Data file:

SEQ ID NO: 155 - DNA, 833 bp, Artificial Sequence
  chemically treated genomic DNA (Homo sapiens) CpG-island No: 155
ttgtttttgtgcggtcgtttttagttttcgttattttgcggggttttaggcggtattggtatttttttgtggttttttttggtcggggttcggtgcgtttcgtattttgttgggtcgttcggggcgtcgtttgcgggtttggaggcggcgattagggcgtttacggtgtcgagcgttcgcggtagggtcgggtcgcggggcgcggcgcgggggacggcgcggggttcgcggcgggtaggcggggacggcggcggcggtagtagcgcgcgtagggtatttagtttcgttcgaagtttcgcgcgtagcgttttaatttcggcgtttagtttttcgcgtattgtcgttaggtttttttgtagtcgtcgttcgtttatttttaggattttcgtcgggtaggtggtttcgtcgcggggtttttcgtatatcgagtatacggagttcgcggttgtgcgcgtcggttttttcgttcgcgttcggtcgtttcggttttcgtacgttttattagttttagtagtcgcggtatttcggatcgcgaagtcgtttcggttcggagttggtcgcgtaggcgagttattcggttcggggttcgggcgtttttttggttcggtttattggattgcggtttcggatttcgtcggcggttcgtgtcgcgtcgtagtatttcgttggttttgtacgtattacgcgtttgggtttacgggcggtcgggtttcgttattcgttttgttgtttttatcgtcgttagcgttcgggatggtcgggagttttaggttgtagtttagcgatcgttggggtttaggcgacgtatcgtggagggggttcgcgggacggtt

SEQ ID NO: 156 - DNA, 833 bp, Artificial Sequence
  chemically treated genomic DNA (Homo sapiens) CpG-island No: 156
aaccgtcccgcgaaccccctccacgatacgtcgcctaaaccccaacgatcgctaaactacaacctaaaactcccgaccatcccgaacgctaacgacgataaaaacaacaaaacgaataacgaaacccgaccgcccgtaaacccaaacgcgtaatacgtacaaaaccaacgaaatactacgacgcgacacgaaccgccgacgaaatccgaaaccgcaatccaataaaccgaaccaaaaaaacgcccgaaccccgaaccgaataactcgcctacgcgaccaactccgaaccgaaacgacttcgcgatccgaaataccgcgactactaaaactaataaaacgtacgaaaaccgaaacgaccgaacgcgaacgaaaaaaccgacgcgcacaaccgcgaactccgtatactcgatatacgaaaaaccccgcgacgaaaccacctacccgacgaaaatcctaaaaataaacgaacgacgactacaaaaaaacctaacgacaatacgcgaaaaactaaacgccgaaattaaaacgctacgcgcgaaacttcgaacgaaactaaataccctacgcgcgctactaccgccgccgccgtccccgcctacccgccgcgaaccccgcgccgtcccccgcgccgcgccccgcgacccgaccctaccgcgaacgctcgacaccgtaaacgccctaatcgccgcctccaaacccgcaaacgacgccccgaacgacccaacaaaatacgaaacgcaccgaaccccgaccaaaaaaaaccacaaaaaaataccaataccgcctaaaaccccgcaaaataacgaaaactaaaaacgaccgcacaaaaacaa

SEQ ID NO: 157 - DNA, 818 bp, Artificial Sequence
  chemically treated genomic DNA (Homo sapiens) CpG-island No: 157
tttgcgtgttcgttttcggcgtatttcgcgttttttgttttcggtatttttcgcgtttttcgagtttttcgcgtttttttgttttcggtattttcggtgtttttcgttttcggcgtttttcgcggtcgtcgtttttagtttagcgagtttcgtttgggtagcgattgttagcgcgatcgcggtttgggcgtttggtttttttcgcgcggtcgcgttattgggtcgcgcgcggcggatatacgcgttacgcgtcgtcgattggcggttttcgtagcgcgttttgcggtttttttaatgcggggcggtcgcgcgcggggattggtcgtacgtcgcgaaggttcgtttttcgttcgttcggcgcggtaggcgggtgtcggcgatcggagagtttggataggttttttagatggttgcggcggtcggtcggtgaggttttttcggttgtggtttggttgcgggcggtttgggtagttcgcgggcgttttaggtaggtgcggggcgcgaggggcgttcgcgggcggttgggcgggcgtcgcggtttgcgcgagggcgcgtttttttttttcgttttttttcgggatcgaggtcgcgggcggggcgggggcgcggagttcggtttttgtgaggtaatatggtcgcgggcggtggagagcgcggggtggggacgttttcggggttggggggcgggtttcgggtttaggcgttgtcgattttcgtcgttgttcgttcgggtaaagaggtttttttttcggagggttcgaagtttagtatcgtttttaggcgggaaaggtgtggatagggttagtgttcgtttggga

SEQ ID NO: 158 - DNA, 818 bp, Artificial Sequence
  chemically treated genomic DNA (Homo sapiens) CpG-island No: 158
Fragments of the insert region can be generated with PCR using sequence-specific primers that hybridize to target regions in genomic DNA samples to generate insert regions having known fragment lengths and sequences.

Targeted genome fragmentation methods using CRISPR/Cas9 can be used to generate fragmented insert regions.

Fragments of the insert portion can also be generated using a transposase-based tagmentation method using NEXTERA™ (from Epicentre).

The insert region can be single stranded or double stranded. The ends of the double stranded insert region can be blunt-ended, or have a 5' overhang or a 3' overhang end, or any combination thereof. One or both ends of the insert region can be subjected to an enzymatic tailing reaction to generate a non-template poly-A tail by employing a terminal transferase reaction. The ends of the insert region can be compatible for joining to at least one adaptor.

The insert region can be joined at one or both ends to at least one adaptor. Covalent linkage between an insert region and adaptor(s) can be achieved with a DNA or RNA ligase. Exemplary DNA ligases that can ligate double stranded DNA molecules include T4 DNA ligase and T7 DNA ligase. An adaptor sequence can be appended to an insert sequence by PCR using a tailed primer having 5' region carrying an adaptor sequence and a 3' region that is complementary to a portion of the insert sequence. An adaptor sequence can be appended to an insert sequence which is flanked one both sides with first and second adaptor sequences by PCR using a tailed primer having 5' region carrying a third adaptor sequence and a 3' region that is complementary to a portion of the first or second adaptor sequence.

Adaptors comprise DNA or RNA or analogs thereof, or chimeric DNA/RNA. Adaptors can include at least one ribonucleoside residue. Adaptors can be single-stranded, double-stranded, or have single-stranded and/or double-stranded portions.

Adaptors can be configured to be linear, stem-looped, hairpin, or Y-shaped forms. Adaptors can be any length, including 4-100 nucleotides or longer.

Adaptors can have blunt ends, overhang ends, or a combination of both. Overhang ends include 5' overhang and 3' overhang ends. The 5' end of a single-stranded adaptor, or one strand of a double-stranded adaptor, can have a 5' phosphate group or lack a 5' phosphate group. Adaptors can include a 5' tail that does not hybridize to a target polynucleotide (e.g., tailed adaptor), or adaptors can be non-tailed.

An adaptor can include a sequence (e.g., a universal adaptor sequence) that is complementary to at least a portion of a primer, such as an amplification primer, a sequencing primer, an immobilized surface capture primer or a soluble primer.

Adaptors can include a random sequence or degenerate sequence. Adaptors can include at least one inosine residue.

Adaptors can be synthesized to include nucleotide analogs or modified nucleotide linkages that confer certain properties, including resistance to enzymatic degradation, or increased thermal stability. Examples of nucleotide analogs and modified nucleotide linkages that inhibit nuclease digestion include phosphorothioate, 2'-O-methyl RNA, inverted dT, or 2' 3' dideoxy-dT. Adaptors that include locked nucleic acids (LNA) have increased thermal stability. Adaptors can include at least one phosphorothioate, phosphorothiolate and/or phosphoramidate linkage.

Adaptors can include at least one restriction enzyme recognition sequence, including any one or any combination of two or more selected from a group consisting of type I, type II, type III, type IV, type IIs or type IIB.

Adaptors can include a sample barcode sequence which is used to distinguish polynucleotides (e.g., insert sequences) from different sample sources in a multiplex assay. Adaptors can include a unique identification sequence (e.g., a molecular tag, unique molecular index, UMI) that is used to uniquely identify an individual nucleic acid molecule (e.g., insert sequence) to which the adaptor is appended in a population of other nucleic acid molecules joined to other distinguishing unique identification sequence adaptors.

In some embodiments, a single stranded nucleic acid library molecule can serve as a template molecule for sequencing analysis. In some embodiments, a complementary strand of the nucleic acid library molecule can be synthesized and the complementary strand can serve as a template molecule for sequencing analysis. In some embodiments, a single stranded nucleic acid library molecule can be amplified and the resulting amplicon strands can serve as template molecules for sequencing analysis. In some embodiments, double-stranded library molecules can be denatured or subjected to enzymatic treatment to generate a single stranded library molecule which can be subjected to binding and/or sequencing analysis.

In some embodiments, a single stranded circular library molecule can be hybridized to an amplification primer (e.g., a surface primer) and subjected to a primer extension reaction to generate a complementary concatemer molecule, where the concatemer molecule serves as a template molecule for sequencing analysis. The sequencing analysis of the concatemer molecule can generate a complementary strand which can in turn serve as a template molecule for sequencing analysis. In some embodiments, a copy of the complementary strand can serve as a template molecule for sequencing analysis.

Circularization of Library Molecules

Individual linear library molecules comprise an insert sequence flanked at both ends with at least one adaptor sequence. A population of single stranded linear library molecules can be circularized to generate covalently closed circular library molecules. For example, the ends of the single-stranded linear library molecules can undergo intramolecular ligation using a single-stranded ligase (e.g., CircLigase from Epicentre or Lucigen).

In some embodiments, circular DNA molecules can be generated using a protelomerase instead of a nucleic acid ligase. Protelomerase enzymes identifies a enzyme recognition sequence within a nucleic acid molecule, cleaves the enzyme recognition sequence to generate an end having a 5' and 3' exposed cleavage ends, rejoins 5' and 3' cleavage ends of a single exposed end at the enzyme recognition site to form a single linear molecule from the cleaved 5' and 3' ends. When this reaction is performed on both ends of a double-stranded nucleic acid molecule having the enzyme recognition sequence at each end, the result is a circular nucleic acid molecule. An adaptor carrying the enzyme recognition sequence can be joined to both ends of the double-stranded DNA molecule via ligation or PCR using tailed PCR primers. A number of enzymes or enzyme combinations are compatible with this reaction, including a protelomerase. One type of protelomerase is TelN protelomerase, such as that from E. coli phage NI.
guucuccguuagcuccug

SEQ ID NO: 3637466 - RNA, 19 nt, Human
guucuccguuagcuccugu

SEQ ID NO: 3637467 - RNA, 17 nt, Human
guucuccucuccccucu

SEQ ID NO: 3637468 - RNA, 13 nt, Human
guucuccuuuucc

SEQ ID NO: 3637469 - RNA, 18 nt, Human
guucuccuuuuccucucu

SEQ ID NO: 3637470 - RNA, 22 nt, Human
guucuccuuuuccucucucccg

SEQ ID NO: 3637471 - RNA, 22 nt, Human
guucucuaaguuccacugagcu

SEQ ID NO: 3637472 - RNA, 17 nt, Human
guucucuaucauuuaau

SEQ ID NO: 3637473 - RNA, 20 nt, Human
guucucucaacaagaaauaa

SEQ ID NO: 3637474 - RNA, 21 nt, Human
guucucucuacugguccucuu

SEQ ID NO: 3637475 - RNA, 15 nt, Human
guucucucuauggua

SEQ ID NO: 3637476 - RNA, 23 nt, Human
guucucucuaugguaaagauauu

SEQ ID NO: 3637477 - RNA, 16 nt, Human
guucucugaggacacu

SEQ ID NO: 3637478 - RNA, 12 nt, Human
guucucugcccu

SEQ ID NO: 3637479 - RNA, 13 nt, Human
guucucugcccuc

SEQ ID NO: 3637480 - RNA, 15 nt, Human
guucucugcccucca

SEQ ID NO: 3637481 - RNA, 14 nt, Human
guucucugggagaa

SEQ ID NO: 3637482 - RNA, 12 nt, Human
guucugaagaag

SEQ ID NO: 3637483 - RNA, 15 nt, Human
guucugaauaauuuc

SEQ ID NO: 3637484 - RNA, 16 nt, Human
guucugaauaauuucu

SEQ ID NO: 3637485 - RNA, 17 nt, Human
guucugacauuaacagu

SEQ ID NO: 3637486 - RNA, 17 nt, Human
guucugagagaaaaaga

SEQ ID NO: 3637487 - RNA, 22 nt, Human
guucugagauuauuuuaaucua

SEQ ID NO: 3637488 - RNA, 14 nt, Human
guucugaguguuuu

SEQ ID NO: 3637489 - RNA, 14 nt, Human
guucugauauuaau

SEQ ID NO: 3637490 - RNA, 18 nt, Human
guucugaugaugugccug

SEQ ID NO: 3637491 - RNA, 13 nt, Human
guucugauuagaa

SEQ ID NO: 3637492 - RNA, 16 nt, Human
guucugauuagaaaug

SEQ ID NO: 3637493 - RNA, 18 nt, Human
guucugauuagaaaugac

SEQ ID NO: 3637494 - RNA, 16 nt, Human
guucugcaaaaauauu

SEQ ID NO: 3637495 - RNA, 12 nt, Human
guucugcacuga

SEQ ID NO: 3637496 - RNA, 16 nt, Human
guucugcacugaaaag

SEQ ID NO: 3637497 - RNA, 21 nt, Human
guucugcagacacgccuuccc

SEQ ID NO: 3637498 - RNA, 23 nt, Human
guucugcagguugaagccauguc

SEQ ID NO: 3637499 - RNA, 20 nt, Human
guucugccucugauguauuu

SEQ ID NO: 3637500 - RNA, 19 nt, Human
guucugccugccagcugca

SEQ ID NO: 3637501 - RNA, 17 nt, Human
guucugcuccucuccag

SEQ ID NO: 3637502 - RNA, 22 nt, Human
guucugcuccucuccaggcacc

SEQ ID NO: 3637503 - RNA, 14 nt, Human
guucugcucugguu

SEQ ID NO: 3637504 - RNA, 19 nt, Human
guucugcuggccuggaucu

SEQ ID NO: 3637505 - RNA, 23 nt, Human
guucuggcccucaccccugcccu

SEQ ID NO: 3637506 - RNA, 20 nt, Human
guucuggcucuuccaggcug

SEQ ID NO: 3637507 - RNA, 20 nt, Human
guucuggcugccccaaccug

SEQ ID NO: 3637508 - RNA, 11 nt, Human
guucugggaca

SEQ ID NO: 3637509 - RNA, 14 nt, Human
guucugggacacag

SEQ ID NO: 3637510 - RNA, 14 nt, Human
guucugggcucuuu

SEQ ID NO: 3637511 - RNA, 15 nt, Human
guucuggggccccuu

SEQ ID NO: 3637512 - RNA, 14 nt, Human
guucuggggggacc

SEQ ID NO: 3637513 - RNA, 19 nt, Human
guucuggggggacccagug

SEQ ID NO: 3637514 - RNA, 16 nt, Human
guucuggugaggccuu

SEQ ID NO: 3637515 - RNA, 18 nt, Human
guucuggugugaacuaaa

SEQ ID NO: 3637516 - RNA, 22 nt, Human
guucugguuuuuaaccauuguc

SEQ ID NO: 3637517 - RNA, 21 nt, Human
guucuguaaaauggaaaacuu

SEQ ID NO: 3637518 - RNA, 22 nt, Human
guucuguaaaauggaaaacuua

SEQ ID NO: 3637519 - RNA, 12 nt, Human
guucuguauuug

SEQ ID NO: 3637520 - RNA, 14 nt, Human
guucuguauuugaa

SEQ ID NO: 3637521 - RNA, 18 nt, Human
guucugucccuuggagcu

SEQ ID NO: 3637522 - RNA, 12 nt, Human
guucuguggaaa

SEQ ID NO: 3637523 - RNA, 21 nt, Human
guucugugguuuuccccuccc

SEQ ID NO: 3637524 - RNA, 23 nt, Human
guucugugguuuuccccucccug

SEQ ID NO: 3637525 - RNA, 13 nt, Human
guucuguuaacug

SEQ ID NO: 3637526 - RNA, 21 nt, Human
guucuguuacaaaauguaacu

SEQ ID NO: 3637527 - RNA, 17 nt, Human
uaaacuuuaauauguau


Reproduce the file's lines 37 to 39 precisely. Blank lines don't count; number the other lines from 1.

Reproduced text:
SEQ ID NO: 3637469 - RNA, 18 nt, Human
guucuccuuuuccucucu

SEQ ID NO: 3637470 - RNA, 22 nt, Human